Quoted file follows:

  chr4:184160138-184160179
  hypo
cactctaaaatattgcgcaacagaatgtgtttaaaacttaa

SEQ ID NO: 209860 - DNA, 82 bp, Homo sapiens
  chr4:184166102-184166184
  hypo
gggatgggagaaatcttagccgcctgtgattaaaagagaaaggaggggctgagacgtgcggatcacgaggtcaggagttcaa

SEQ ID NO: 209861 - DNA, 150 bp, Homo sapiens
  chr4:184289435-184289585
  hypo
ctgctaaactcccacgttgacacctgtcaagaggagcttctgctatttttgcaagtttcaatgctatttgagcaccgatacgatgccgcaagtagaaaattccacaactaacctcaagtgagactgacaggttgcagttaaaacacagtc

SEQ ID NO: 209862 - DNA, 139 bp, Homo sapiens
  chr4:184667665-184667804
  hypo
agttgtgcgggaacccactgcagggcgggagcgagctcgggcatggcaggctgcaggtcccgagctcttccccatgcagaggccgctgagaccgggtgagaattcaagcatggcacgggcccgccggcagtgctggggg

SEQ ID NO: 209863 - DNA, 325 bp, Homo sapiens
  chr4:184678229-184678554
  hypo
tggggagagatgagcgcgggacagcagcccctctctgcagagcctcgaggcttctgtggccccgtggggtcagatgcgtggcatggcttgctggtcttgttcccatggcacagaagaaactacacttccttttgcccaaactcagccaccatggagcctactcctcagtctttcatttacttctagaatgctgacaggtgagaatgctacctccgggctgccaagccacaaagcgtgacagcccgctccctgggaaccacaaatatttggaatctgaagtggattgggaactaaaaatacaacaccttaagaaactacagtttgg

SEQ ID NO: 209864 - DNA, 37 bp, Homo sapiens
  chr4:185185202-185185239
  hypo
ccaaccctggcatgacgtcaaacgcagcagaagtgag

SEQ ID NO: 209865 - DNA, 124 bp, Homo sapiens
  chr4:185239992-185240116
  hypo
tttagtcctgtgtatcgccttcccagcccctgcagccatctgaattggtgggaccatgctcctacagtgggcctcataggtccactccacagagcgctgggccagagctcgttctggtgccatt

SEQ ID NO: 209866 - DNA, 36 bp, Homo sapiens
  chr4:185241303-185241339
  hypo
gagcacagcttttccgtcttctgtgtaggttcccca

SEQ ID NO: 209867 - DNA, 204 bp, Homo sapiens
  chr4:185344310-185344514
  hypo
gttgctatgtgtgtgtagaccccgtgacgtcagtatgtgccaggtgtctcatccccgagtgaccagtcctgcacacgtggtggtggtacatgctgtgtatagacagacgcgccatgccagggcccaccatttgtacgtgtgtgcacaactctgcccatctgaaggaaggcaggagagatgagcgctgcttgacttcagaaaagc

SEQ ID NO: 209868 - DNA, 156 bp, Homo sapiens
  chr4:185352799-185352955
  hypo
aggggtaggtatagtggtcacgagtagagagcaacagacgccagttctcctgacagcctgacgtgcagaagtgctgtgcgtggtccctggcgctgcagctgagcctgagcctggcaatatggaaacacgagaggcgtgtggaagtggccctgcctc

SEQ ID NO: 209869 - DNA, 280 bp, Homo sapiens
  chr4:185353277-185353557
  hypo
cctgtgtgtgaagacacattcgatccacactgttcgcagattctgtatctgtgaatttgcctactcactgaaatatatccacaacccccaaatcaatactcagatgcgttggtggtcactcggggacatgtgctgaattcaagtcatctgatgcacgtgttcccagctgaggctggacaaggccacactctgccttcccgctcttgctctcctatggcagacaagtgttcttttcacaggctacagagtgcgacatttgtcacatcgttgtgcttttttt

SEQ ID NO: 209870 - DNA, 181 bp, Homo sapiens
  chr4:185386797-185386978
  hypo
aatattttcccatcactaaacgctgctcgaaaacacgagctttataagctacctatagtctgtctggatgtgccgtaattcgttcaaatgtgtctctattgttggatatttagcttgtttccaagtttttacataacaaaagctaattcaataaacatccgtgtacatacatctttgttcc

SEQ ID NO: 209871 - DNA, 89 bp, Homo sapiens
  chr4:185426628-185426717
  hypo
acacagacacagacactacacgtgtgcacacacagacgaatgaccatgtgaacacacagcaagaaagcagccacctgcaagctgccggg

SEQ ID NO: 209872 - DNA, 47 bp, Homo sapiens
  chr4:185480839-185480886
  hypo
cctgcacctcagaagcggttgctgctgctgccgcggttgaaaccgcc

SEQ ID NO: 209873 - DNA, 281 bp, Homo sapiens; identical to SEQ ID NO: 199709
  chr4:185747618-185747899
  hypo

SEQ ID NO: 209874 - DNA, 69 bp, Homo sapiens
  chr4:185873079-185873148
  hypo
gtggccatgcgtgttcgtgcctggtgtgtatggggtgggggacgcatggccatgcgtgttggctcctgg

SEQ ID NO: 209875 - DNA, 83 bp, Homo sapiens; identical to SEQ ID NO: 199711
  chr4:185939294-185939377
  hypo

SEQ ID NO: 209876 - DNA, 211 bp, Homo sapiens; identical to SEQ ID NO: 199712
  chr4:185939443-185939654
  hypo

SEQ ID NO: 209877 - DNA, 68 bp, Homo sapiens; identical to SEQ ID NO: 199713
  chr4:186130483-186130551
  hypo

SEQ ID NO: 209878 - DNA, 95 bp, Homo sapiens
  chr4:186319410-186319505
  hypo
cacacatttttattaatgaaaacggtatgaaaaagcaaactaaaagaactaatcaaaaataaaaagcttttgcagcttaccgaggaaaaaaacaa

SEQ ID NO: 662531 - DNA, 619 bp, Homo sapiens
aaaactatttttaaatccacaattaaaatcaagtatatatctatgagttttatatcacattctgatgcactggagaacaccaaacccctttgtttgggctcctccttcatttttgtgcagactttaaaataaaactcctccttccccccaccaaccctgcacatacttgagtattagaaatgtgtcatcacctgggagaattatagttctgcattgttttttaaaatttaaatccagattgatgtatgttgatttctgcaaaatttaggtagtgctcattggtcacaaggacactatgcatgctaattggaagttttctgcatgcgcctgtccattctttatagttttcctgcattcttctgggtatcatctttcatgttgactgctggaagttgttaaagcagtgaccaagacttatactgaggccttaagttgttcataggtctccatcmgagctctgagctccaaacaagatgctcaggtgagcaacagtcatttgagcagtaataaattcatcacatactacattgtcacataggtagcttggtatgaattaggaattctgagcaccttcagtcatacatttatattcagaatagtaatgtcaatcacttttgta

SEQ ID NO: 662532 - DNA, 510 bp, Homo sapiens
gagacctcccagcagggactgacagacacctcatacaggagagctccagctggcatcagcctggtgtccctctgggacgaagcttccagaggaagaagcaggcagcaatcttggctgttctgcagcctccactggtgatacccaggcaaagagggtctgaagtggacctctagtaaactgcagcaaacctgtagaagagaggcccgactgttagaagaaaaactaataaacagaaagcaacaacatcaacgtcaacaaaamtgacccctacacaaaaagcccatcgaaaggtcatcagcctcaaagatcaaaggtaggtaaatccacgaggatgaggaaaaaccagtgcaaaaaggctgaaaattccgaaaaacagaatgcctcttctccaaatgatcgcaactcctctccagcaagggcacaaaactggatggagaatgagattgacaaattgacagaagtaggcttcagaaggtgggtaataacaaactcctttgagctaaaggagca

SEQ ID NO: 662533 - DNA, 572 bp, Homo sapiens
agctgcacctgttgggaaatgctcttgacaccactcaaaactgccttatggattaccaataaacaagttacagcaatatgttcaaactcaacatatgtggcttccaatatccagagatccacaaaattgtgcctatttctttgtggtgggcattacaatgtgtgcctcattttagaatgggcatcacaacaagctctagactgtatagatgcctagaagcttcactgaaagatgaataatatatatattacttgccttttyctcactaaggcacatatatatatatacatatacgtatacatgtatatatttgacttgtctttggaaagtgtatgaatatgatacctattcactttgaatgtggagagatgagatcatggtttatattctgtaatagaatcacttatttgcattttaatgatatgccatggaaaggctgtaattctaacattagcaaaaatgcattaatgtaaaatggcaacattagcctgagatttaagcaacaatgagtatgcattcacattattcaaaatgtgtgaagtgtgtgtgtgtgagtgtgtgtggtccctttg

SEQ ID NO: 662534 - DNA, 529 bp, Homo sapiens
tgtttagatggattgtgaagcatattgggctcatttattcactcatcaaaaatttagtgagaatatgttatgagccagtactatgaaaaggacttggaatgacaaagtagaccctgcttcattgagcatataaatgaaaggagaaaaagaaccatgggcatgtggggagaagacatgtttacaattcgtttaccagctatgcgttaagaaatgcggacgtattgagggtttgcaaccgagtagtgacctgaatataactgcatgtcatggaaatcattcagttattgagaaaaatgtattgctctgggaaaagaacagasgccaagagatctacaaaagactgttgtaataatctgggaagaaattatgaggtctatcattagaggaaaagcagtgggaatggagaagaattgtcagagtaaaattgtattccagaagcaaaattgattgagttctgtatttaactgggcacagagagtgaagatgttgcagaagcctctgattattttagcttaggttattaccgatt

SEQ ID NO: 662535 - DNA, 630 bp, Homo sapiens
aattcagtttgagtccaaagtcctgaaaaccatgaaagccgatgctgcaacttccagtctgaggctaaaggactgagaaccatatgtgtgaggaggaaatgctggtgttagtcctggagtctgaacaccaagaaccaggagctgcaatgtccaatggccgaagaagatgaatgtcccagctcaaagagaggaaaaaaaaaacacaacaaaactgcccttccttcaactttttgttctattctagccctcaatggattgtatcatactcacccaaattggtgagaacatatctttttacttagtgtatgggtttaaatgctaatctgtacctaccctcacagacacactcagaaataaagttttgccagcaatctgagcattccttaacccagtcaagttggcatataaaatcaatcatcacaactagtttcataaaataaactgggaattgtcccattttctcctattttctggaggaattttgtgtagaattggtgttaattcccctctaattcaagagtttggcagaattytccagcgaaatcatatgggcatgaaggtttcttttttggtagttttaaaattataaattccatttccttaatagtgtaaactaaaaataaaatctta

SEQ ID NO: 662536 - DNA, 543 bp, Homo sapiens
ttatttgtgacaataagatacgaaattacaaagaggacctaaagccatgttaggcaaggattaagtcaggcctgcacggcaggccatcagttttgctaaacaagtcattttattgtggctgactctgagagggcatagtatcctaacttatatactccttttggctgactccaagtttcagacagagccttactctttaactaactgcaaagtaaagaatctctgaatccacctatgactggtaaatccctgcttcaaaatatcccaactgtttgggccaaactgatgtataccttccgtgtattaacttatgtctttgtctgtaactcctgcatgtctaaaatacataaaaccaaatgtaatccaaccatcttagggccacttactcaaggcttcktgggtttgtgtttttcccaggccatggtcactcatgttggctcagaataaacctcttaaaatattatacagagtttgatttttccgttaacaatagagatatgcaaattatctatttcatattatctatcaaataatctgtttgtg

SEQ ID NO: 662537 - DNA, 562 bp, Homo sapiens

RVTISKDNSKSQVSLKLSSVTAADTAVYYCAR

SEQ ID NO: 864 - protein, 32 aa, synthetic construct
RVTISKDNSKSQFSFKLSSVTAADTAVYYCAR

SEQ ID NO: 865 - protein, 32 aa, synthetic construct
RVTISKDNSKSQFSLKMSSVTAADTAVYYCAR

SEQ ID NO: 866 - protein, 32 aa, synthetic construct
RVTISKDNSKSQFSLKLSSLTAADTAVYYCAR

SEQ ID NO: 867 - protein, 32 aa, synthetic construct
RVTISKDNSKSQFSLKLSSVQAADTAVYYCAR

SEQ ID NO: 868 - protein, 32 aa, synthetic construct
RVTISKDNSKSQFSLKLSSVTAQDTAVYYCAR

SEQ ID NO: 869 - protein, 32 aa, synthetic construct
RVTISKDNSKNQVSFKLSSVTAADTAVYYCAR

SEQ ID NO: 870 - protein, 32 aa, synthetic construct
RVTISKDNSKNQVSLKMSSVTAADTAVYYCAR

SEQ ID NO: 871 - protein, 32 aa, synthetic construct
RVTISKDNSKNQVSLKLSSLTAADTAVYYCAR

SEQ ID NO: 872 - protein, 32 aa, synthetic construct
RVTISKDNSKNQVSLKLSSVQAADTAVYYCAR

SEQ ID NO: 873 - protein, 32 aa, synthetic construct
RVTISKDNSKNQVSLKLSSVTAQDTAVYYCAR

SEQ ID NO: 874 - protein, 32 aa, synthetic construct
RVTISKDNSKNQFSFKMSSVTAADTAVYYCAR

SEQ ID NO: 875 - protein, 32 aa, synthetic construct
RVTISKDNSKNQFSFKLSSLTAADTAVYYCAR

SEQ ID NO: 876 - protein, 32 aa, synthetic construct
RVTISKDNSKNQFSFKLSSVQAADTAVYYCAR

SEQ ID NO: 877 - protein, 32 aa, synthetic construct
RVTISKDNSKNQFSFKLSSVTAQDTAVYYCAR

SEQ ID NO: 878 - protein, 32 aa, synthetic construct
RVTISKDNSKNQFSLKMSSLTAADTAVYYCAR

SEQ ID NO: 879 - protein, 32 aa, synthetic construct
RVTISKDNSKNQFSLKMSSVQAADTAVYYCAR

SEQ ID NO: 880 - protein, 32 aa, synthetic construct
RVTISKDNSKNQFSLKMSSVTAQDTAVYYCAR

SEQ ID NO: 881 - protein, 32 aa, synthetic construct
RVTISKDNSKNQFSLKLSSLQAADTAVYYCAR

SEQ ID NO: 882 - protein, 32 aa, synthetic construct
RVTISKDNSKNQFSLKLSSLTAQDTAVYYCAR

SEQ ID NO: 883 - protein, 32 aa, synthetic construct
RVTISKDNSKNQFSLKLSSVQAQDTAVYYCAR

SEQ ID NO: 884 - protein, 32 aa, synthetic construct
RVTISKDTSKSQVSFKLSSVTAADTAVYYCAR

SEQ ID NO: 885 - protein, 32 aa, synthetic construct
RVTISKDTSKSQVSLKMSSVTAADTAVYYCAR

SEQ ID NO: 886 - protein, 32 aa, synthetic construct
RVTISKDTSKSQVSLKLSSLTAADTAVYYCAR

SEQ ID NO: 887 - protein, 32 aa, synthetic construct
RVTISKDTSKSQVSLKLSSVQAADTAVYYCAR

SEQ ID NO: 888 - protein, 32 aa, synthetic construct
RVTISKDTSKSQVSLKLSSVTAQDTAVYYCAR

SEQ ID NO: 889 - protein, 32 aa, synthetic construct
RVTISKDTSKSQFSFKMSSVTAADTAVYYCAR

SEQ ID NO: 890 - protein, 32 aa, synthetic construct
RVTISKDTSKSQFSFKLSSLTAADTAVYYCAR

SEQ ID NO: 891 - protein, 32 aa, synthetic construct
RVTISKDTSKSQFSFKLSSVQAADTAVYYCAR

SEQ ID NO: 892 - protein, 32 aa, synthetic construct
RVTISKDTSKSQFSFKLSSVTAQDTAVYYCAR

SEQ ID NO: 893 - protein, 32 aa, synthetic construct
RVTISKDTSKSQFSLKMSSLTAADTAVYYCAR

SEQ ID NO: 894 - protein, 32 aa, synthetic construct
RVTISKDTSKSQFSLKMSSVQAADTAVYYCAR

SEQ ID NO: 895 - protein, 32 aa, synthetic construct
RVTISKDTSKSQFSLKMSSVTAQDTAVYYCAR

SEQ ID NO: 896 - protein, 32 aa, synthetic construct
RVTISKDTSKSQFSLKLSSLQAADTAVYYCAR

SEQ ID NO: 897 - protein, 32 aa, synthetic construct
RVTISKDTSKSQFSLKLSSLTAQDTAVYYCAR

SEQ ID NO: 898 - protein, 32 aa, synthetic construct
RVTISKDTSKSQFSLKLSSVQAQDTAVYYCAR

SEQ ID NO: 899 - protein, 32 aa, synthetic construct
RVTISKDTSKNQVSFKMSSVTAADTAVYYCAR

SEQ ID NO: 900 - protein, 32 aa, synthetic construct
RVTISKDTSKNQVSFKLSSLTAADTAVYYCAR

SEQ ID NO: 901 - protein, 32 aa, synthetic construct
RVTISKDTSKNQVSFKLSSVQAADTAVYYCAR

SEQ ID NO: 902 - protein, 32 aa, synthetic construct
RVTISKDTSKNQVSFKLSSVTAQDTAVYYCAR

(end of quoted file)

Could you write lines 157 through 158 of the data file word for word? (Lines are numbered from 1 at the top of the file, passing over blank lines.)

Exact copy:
RVTISKDTSKSQFSLKLSSLTAQDTAVYYCAR

SEQ ID NO: 898 - protein, 32 aa, synthetic construct